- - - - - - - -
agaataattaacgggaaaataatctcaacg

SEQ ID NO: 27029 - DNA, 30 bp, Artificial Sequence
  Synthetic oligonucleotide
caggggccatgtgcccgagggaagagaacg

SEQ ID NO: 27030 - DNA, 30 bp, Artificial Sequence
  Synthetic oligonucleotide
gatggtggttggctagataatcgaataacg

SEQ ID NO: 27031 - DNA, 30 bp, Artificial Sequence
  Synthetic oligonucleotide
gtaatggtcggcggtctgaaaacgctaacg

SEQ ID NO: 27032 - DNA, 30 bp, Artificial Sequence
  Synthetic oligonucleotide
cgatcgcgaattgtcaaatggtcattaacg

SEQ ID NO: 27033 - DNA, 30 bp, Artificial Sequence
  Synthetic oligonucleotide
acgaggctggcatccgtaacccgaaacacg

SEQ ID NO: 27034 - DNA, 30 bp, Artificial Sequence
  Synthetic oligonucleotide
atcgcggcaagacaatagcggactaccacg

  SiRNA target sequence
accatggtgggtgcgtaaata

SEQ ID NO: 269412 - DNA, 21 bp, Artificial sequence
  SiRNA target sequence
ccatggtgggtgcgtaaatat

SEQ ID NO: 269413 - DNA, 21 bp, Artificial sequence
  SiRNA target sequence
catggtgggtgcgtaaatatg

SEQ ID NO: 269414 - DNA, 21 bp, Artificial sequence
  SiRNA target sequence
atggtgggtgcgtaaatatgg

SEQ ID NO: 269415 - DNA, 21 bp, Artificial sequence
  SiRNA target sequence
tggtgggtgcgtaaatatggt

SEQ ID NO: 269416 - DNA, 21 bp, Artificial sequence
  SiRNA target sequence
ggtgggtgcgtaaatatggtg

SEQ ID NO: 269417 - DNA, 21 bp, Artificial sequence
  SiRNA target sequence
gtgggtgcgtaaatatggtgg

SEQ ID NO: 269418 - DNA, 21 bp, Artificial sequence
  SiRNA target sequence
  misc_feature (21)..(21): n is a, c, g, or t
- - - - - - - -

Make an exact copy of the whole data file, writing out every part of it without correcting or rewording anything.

agaataattaacgggaaaataatctcaacg

SEQ ID NO: 27029 - DNA, 30 bp, Artificial Sequence
  Synthetic oligonucleotide
caggggccatgtgcccgagggaagagaacg

SEQ ID NO: 27030 - DNA, 30 bp, Artificial Sequence
  Synthetic oligonucleotide
gatggtggttggctagataatcgaataacg

SEQ ID NO: 27031 - DNA, 30 bp, Artificial Sequence
  Synthetic oligonucleotide
gtaatggtcggcggtctgaaaacgctaacg

SEQ ID NO: 27032 - DNA, 30 bp, Artificial Sequence
  Synthetic oligonucleotide
cgatcgcgaattgtcaaatggtcattaacg

SEQ ID NO: 27033 - DNA, 30 bp, Artificial Sequence
  Synthetic oligonucleotide
acgaggctggcatccgtaacccgaaacacg

SEQ ID NO: 27034 - DNA, 30 bp, Artificial Sequence
  Synthetic oligonucleotide
atcgcggcaagacaatagcggactaccacg

  SiRNA target sequence
accatggtgggtgcgtaaata

SEQ ID NO: 269412 - DNA, 21 bp, Artificial sequence
  SiRNA target sequence
ccatggtgggtgcgtaaatat

SEQ ID NO: 269413 - DNA, 21 bp, Artificial sequence
  SiRNA target sequence
catggtgggtgcgtaaatatg

SEQ ID NO: 269414 - DNA, 21 bp, Artificial sequence
  SiRNA target sequence
atggtgggtgcgtaaatatgg

SEQ ID NO: 269415 - DNA, 21 bp, Artificial sequence
  SiRNA target sequence
tggtgggtgcgtaaatatggt

SEQ ID NO: 269416 - DNA, 21 bp, Artificial sequence
  SiRNA target sequence
ggtgggtgcgtaaatatggtg

SEQ ID NO: 269417 - DNA, 21 bp, Artificial sequence
  SiRNA target sequence
gtgggtgcgtaaatatggtgg

SEQ ID NO: 269418 - DNA, 21 bp, Artificial sequence
  SiRNA target sequence
  misc_feature (21)..(21): n is a, c, g, or t